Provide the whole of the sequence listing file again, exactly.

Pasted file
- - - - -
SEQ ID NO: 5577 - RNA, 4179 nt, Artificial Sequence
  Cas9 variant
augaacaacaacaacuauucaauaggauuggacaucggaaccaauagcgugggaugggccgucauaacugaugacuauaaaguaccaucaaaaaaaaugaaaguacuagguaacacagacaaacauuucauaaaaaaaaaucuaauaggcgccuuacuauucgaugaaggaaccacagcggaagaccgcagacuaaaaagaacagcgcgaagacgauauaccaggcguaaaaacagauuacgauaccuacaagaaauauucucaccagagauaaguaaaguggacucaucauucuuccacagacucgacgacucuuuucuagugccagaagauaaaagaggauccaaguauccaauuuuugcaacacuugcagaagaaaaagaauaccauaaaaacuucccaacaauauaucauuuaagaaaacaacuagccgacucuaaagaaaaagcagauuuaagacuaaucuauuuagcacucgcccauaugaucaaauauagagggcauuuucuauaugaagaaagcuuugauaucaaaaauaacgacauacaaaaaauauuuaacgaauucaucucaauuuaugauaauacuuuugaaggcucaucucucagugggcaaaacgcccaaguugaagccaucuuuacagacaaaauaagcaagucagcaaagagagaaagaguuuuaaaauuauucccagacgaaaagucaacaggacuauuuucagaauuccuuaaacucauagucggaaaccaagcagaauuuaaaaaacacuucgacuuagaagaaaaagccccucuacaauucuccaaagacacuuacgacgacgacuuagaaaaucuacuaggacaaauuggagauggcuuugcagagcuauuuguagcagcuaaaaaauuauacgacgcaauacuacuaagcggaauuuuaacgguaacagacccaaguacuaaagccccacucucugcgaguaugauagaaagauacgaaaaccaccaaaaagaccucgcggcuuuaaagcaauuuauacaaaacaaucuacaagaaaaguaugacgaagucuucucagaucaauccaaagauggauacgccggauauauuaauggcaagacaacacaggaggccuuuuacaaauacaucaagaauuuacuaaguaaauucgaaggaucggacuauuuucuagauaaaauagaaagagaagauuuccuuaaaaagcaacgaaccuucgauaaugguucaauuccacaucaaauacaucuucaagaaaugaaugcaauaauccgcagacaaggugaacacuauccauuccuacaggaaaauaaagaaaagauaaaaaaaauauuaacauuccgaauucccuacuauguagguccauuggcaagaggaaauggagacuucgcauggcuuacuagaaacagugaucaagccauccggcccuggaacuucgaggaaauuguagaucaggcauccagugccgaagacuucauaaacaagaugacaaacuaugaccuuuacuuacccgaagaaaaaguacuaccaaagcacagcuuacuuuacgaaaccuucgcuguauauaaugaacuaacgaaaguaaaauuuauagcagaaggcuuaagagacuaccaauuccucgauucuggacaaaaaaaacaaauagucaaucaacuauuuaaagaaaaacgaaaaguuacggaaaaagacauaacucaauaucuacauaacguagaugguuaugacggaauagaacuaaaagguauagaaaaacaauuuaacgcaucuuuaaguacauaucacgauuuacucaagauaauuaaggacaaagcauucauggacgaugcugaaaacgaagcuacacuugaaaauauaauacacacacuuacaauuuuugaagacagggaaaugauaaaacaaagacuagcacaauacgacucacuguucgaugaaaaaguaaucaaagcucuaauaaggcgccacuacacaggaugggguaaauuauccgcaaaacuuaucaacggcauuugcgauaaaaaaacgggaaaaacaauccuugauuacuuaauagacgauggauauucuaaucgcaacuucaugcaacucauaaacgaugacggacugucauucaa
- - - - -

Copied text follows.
SEQ ID NO: 5577 - RNA, 4179 nt, Artificial Sequence
  Cas9 variant
augaacaacaacaacuauucaauaggauuggacaucggaaccaauagcgugggaugggccgucauaacugaugacuauaaaguaccaucaaaaaaaaugaaaguacuagguaacacagacaaacauuucauaaaaaaaaaucuaauaggcgccuuacuauucgaugaaggaaccacagcggaagaccgcagacuaaaaagaacagcgcgaagacgauauaccaggcguaaaaacagauuacgauaccuacaagaaauauucucaccagagauaaguaaaguggacucaucauucuuccacagacucgacgacucuuuucuagugccagaagauaaaagaggauccaaguauccaauuuuugcaacacuugcagaagaaaaagaauaccauaaaaacuucccaacaauauaucauuuaagaaaacaacuagccgacucuaaagaaaaagcagauuuaagacuaaucuauuuagcacucgcccauaugaucaaauauagagggcauuuucuauaugaagaaagcuuugauaucaaaaauaacgacauacaaaaaauauuuaacgaauucaucucaauuuaugauaauacuuuugaaggcucaucucucagugggcaaaacgcccaaguugaagccaucuuuacagacaaaauaagcaagucagcaaagagagaaagaguuuuaaaauuauucccagacgaaaagucaacaggacuauuuucagaauuccuuaaacucauagucggaaaccaagcagaauuuaaaaaacacuucgacuuagaagaaaaagccccucuacaauucuccaaagacacuuacgacgacgacuuagaaaaucuacuaggacaaauuggagauggcuuugcagagcuauuuguagcagcuaaaaaauuauacgacgcaauacuacuaagcggaauuuuaacgguaacagacccaaguacuaaagccccacucucugcgaguaugauagaaagauacgaaaaccaccaaaaagaccucgcggcuuuaaagcaauuuauacaaaacaaucuacaagaaaaguaugacgaagucuucucagaucaauccaaagauggauacgccggauauauuaauggcaagacaacacaggaggccuuuuacaaauacaucaagaauuuacuaaguaaauucgaaggaucggacuauuuucuagauaaaauagaaagagaagauuuccuuaaaaagcaacgaaccuucgauaaugguucaauuccacaucaaauacaucuucaagaaaugaaugcaauaauccgcagacaaggugaacacuauccauuccuacaggaaaauaaagaaaagauaaaaaaaauauuaacauuccgaauucccuacuauguagguccauuggcaagaggaaauggagacuucgcauggcuuacuagaaacagugaucaagccauccggcccuggaacuucgaggaaauuguagaucaggcauccagugccgaagacuucauaaacaagaugacaaacuaugaccuuuacuuacccgaagaaaaaguacuaccaaagcacagcuuacuuuacgaaaccuucgcuguauauaaugaacuaacgaaaguaaaauuuauagcagaaggcuuaagagacuaccaauuccucgauucuggacaaaaaaaacaaauagucaaucaacuauuuaaagaaaaacgaaaaguuacggaaaaagacauaacucaauaucuacauaacguagaugguuaugacggaauagaacuaaaagguauagaaaaacaauuuaacgcaucuuuaaguacauaucacgauuuacucaagauaauuaaggacaaagcauucauggacgaugcugaaaacgaagcuacacuugaaaauauaauacacacacuuacaauuuuugaagacagggaaaugauaaaacaaagacuagcacaauacgacucacuguucgaugaaaaaguaaucaaagcucuaauaaggcgccacuacacaggaugggguaaauuauccgcaaaacuuaucaacggcauuugcgauaaaaaaacgggaaaaacaauccuugauuacuuaauagacgauggauauucuaaucgcaacuucaugcaacucauaaacgaugacggacugucauucaa